As the physical, biological and digital worlds merge in the Fourth Industrial Revolution (4IR), mobile technology innovation and quality network infrastructure become crucial to reshaping and improving living standards for more people.

By Giovanni Chiarelli, chief technology and information officer at MTN SA

The technology is all within reach, but increased traffic will require mobile network operators to roll out purpose-built networks to provide seamless interoperability among all the “smart things” people will be using in the future.

As this fast pace of change continues and demand increases for near-zero cost, high speed connectivity, Africa cannot afford to fall behind 4IR. The key will be to think of the benefit of technology within an African context and to tackle the challenges the continent will face.

These challenges were astutely highlighted in a white paper on African cities in the Fourth Industrial Revolution (4IR), prepared by MTN and Absa for the recent World Economic Forum. It highlighted that while 5G offers tremendous potential benefits, cost and access remain a challenge for the majority of Africans. The risk though is that if Africa misses this opportunity it loses out on the first truly scalable solution to connect everything and everyone at speeds up to 200 times faster than 4G or LTE.

To place this in context from a South African perspective, research by World Wide Worx and SYSPRO found that the technologies that make up 4IR have yet to be adopted with any enthusiasm by local enterprises. Despite the hype, only 13% of corporate South Africa is currently using Artificial Intelligence (AI), with the cost of skills standing out as a major obstacle.

However, it is notable that other areas of 4IR like robotic process automation are increasingly popular in South Africa as more business processes are automated using “bots” which are becoming more readily and cheaply available than AI.

Notably, in South Africa, 92% of enterprises have adopted the Internet of Things (IoT) and this creates tremendous opportunities in the future because as it becomes more affordable and accessible, smaller enterprises begin to reap the rewards.

So, despite the challenges, the combination of device, cloud, network and services is forming an astoundingly powerful virtuous quartet for innovation and the ability to place more people at the cutting edge of the digital economy. Access to data will increasingly be the lifeblood of the IoT ecosystem.

In similar vein, a Ruckus Networks and World Wide Worx study reveals the importance of Wi-Fi in achieving pervasive connectivity. It shows that Wi-Fi connectivity has become critical to employee productivity in big and small enterprises – and that quality is more important than cost.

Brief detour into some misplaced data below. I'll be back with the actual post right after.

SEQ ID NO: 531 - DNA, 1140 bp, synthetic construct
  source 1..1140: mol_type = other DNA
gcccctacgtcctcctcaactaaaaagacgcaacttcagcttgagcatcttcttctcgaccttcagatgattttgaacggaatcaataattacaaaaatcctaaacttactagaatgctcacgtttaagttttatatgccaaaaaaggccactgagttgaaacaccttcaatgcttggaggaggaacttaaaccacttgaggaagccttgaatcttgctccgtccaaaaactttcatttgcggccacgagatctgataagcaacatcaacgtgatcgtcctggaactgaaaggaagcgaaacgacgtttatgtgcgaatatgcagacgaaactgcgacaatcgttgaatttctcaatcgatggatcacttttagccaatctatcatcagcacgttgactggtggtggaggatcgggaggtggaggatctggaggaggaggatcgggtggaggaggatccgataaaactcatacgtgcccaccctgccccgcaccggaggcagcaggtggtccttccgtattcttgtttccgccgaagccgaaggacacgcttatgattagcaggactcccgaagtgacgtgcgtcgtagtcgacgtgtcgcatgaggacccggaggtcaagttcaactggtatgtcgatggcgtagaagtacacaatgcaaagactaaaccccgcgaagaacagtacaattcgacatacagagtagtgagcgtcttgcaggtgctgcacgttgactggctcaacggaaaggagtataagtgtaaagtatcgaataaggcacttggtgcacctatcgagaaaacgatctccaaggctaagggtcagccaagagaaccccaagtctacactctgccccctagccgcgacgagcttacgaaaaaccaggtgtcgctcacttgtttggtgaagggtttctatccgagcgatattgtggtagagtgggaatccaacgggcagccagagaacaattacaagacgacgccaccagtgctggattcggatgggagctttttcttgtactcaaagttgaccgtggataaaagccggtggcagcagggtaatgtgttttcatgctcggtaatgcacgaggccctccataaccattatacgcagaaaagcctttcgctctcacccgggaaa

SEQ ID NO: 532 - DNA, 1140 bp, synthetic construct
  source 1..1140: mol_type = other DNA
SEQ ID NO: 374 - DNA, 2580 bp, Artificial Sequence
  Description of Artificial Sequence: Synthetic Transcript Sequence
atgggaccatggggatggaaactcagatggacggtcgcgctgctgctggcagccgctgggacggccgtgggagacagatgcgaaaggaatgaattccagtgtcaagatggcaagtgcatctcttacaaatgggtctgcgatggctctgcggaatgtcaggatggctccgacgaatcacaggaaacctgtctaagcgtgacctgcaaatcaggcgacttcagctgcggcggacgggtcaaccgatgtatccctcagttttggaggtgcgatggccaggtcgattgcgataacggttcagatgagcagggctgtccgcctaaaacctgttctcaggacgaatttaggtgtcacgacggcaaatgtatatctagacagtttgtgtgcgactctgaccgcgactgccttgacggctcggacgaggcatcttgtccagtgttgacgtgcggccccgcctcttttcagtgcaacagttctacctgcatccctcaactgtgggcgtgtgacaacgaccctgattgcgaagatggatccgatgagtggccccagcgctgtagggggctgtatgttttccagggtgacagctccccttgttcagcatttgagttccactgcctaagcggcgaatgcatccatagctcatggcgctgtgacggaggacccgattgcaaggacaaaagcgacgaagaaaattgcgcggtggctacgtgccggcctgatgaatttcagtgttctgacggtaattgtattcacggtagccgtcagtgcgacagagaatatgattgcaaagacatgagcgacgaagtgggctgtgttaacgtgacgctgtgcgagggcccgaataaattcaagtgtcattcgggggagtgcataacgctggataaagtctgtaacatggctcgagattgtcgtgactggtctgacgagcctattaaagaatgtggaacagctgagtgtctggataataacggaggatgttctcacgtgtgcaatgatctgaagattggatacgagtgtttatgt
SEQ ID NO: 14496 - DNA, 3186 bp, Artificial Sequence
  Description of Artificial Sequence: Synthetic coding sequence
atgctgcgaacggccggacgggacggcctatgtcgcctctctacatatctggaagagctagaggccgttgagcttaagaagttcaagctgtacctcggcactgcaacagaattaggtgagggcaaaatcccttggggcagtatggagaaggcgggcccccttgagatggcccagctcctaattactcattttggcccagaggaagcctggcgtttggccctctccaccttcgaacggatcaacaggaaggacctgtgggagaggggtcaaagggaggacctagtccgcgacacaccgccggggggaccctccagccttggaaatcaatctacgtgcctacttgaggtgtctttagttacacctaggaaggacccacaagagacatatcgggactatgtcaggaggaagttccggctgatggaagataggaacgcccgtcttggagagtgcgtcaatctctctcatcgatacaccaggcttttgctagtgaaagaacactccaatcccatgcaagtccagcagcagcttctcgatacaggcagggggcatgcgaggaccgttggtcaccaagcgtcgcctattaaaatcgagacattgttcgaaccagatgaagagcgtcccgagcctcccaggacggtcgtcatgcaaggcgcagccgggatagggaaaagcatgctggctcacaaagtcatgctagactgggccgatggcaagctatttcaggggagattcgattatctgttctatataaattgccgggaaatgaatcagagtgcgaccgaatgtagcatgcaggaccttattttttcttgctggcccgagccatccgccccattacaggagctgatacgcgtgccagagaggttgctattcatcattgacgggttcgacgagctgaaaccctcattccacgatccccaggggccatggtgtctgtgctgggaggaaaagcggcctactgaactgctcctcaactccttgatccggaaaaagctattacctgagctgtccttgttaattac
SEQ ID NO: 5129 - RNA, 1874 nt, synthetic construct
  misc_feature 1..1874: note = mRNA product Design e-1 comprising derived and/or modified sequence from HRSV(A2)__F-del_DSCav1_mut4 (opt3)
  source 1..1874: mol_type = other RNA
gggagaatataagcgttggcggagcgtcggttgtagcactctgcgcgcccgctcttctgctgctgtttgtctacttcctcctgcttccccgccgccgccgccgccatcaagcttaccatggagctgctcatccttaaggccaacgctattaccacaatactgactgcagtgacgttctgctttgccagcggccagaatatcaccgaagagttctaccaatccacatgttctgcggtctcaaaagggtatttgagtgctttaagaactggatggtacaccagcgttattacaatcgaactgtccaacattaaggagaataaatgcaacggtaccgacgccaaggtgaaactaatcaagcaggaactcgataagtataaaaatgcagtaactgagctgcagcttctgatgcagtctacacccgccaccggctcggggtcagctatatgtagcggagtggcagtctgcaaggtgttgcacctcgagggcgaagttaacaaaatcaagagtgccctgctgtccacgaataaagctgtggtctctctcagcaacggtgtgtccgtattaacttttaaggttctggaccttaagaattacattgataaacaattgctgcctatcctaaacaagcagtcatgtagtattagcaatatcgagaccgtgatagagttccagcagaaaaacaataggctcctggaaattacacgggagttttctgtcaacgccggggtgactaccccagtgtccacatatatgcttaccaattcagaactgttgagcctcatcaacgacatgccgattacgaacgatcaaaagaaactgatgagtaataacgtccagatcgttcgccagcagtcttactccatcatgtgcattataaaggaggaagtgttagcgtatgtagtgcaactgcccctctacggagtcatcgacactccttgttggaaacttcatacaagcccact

It is clear technological change will usher in challenges and uncertainty, but at the same time it brings highly innovative and cost-effective mobile solutions that will improve and enhance the digital lives of consumers and merchants across Africa.

For instance, through the fintech revolution innovative, secure and accessible solutions are becoming increasingly available. Demand for interconnected, multi-purpose solutions will increase in the future, opening the door to even more advanced invention and collaboration by mobile providers and financial services companies.

In South Africa, a fabulous opportunity also exists for mobile players to harness fintech to build digital pathways which can boost levels of financial inclusion, which remains very low.

The rising number of deals in the fintech space certainly supports the notion that investors have started to gain confidence in fintechs operating in South Africa and have seen their high potential.

A unique opportunity therefore exists for mobile operators to facilitate transfers, payments, loans, deposits, insurance and marketplace solutions. All of this can be offered off the network, distribution network and further facilitated with one registration.

The days of being a one-dimensional service provider are truly over and MTN is fast transforming from just being a mobile phone company to becoming a multi-purpose digital platform innovator. Aside from moving strongly in the mobile money services space on the continent, it has also extended its offerings to cater for everything from money transfer to digital-based insurance, and a range of other digital services.

In this regard MTN recently made a strong move into insuretech by harnessing its connectivity and digital capability to help reduce paperwork and the hassle factor. Micro-insurance is another area where exciting potential solutions exist to include more people in the formal financial system, especially for those who have not been able to access traditional funeral products.

There is little doubt mobile network operators will play a crucial role in providing the infrastructure ecosystem that will enable industries to harness the full benefits of digitisation. In this increasingly connected world, the focus should not be on trying to become another Facebook or Google, but rather supporting the digital pathways clients adopt.

Harnessing modern technologies will improve how companies interact with customers and stable, fast and secure networks will be the key enablers of these digital highways of the future.